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Repairing Vintage and Retro Jewellery

Updated on May 4, 2017
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Cecelia has researched H.P. Lovecraft, and also Fairy Tales. Working in Kindergartens, Cecelia became interested in speech development.


Vintage jewellery has a style and charm which is not always found among the racks of the modern costume jewellery store. With a few tools and a little know-how charming pieces can be repaired to make them wearable again. A little imagination can also allow the nimble fingered person to craft new creations from older pieces so they retain their romantic history but suit the modern wearer!

The following three examples are provided with pictures to get you started on a fascinating new hobby.


Broken green glass necklace

This green glass necklace had come apart at several points. It is possible that some of the beads are missing as well, however, sufficient length is left to create an attractive necklace if the broken pieces are simply rejoined.


1. I laid the two strands side by side attempting to determine their best alignment.

2. I rejoined the necklace at one point by opening a wire link using the jeweller's pliers, hooking the end link of the other piece over the open link and squeezing it shut again using the pliers.


3. Even if it is long enough to drop right over your head, a necklace may be more classy with a catch. I sourced a fitting off another necklace with similar metal. (The second necklace was not worth repairing.)

4. Using the jeweller's pliers, I opened the link which attached the catch on the left side and slid it over one end of the necklace. I then squeezed the link closed.

5. Using the pliers I then opened the link which would attach the catch to the right side of the necklace. I inserted the end link of the necklace and squeezed the wire closed.

6. The finished necklace may not have the exact symmetry of the original, but is once again a complete necklace. It is also unique and a pleasing example of vintage glass jewellery.


Transforming a heavy disk ear ring into a pendant

Heavy ear rings give me a headache! The brass tone disk on this ear ring was also discoloured and the ear ring was a single -- it had lost it's partner.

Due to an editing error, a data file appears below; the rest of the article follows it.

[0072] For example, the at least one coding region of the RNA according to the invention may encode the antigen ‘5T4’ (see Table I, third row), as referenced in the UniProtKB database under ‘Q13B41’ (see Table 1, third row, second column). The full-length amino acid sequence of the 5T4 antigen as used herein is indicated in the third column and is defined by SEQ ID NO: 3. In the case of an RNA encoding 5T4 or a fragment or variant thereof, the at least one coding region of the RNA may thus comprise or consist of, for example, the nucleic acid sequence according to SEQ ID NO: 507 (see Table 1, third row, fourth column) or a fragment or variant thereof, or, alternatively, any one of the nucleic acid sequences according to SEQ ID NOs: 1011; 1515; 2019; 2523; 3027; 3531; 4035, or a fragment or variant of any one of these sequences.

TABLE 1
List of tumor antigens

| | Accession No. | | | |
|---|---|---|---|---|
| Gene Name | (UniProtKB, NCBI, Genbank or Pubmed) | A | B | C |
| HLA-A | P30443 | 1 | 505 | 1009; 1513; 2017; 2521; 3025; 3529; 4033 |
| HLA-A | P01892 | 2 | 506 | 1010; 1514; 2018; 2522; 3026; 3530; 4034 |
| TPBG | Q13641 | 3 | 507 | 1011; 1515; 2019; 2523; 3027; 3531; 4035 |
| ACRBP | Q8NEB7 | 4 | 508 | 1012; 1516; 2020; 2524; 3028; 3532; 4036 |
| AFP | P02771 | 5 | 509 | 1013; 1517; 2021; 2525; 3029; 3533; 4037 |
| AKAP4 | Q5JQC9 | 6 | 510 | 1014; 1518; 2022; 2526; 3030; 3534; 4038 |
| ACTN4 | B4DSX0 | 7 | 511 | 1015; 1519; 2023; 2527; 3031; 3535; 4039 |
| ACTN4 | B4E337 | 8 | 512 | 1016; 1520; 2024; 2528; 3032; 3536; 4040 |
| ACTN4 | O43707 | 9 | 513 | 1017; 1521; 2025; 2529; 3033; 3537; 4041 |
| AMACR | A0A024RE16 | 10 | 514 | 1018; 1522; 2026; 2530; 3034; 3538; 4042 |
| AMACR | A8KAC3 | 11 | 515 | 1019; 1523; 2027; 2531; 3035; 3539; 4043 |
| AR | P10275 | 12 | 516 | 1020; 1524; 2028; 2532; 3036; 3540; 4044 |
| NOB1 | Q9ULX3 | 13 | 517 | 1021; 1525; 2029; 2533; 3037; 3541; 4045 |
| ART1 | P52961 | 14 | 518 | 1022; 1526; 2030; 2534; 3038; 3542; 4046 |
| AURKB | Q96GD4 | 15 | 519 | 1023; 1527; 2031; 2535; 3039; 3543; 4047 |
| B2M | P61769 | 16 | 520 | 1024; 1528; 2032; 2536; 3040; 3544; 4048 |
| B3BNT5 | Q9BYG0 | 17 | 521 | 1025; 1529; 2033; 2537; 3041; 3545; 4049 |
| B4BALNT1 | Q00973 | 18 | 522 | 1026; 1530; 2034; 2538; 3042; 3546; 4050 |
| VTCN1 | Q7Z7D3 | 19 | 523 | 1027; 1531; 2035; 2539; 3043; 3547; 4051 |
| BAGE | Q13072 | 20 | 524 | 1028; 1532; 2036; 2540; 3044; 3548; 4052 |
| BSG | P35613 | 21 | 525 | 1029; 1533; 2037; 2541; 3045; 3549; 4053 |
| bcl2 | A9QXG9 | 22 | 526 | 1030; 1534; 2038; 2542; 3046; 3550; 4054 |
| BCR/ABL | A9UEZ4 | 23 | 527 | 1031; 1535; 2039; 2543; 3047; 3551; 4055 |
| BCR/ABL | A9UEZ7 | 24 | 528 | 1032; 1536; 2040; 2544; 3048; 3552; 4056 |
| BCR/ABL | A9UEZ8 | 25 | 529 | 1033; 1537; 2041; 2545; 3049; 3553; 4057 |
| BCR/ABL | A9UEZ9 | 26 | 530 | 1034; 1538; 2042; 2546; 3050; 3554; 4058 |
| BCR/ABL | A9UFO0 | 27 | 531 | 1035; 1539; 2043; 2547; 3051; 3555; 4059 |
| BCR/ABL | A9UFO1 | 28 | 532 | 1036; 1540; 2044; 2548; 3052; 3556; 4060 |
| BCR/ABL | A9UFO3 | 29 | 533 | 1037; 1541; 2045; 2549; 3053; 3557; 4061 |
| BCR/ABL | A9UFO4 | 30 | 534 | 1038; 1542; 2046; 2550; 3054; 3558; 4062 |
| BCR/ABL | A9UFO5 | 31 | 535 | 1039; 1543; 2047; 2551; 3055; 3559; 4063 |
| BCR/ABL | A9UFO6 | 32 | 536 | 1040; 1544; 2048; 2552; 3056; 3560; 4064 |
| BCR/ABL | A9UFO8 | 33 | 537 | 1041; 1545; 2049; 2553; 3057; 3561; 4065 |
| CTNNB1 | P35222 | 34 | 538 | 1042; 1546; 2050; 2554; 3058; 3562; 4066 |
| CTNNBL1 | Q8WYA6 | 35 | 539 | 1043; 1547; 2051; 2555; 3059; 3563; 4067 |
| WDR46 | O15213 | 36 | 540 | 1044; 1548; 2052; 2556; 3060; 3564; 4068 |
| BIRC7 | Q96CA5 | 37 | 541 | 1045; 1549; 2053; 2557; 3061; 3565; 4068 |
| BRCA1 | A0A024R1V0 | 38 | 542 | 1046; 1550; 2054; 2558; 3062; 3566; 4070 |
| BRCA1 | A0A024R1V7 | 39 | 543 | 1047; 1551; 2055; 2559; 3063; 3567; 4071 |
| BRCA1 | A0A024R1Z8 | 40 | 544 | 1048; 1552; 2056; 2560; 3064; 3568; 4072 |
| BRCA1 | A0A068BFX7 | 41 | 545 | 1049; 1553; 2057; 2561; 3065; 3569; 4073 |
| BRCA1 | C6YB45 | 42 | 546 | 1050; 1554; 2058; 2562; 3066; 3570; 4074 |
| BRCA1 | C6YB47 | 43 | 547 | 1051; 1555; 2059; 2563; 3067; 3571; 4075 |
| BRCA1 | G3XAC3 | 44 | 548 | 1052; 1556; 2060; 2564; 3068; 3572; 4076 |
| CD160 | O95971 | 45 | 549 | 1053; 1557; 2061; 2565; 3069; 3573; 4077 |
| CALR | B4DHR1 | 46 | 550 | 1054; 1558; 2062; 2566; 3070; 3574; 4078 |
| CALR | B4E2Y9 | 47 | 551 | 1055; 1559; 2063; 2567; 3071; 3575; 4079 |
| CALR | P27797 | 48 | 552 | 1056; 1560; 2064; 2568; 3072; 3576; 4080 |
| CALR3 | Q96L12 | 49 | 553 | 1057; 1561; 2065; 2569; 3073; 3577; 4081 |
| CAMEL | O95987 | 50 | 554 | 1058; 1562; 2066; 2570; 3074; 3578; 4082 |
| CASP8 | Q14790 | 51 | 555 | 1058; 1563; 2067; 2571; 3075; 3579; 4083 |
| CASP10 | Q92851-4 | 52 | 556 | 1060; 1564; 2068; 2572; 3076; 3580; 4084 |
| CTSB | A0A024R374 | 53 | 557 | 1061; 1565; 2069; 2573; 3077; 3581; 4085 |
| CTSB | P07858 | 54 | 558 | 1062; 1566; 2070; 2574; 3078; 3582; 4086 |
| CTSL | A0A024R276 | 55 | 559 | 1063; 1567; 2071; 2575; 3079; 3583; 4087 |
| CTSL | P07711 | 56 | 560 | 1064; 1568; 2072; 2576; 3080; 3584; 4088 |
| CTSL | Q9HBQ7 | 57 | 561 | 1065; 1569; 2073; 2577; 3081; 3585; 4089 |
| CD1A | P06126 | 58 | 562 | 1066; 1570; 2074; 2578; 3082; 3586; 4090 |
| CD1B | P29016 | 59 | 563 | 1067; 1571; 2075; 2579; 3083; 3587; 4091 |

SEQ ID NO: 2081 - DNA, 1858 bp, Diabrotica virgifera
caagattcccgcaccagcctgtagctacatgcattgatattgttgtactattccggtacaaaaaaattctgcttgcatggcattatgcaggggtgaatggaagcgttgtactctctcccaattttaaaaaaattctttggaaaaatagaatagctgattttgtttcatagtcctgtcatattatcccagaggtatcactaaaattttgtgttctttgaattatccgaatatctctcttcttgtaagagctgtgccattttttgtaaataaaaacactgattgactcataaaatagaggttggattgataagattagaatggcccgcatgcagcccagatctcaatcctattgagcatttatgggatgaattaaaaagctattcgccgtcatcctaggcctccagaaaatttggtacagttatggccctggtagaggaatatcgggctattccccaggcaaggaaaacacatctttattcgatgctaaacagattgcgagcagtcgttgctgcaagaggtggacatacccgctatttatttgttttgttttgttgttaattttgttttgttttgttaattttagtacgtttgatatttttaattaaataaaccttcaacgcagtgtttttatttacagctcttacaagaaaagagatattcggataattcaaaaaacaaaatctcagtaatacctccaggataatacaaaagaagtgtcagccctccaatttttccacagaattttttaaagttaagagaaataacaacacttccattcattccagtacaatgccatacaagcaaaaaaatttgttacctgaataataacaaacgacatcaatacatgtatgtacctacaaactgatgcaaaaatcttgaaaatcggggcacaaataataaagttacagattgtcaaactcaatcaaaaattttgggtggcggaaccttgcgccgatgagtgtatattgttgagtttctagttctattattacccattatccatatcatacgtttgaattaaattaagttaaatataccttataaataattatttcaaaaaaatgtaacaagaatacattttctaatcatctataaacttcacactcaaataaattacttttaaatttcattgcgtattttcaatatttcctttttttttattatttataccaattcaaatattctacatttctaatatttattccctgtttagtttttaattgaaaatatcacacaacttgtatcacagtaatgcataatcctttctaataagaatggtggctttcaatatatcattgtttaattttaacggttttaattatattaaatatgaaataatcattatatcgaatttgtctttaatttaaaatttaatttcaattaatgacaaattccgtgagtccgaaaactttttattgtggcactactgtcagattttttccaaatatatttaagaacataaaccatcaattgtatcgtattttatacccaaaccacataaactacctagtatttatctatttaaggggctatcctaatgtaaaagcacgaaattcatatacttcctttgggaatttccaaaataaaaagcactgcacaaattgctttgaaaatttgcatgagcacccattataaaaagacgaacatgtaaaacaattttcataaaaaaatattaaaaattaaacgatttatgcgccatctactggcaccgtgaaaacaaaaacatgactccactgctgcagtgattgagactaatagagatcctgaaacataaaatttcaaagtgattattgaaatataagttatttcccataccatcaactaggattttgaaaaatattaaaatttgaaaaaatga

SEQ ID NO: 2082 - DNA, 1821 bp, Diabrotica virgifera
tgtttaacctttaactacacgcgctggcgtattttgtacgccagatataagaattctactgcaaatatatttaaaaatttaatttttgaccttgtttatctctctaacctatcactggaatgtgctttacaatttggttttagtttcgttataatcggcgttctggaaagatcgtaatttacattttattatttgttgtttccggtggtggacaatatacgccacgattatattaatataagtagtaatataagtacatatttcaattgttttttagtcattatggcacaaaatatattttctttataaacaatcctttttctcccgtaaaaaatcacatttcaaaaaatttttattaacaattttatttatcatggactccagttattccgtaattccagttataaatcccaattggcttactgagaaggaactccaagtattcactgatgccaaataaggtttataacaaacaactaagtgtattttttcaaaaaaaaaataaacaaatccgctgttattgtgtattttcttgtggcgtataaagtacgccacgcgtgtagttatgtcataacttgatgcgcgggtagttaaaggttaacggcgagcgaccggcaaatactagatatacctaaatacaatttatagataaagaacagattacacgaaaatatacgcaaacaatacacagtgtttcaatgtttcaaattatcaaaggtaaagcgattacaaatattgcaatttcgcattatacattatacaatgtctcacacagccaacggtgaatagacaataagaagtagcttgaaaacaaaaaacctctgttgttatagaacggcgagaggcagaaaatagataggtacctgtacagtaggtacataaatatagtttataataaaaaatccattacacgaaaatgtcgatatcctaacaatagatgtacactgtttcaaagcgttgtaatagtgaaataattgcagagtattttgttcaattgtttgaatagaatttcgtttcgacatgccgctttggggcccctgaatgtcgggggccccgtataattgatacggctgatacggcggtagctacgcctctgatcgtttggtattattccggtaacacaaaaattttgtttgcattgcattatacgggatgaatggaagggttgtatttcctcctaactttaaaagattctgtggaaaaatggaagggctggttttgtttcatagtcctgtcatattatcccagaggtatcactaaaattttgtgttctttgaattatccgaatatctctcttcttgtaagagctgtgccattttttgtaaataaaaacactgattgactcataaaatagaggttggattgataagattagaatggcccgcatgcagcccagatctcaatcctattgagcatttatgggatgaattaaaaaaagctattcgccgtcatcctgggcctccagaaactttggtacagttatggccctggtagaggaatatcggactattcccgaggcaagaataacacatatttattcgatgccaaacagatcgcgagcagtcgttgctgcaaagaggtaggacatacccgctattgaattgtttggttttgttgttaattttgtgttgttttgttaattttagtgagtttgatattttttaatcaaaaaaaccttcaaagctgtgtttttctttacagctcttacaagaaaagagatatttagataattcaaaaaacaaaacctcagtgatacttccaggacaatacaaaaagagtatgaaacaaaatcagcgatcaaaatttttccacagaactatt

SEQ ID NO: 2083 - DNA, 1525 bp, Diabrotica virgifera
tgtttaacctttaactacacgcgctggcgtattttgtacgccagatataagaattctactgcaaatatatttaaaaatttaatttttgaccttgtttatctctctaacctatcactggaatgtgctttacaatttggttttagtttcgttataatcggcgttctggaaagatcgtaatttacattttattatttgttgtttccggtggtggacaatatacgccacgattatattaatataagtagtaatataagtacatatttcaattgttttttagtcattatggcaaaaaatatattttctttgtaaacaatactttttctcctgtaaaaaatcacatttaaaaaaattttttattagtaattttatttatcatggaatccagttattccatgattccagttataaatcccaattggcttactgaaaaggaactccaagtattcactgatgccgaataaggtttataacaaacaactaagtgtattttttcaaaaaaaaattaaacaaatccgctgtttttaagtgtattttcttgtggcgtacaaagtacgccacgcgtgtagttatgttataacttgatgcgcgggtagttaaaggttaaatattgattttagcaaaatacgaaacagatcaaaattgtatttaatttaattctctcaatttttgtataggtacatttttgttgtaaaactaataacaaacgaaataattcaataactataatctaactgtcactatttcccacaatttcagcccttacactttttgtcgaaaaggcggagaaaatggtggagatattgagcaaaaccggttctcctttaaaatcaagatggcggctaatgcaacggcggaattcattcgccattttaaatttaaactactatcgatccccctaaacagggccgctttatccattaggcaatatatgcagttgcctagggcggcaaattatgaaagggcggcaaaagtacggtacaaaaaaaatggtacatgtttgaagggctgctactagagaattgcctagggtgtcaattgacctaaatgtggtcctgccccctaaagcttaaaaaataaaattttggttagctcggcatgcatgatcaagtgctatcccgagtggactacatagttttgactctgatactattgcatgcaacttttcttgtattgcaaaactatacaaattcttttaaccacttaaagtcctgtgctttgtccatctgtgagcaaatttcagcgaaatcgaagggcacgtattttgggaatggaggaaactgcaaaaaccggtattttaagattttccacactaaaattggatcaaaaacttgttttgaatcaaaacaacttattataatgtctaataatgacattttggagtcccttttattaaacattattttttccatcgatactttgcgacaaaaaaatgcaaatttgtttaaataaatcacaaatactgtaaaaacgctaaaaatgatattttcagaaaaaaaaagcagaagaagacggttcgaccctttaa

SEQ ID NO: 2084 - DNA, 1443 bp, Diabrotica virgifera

1. I removed the ear hook by opening the wire using a jeweller's pliers.

2. This yielded 3 separate disks. The black one may have been onyx and the orange one may have been red agate. Both were attractive and worth using again.

3. I had some blue cord which I looped through the holes in the disks and knotted. I also knotted the ends at an easy necklace length. This created a simple necklace suitable for casual wear.

4. An alternate necklace could have been created by linking the two disks with a circular finding and stringing onto a silver toned chain. If I tire of my blue cord version I may do this.


1970s orange feather earring

This ear ring would have been light and a delight to wear, but has sadly lost it's partner. As it has two large feathers and conveniently two of several other components, it should be possible to transform it back into a pair of earrings!


1. Using the jeweller's pliers, separate all the components of the original ear ring.

2. Locate a similar ear hook fitting.

3. Lay the components out in pairs.

4. Attach one of each component type to each ear hook.


5. Using the jeweler's pliers, squeeze the loop end of the ear hook fitting closed around the components, so they will hang correctly and not fall off during wear.

6. This creates two complete wearable earrings - resulting in a pair!

The resulting ear rings are not as spectacular as the 1970s originals would have been, but are still quite pleasing and have retro appeal.


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    • dajine profile image


      6 years ago from Kakanj, Bosnia and Herzegovina

      Useful article, I like


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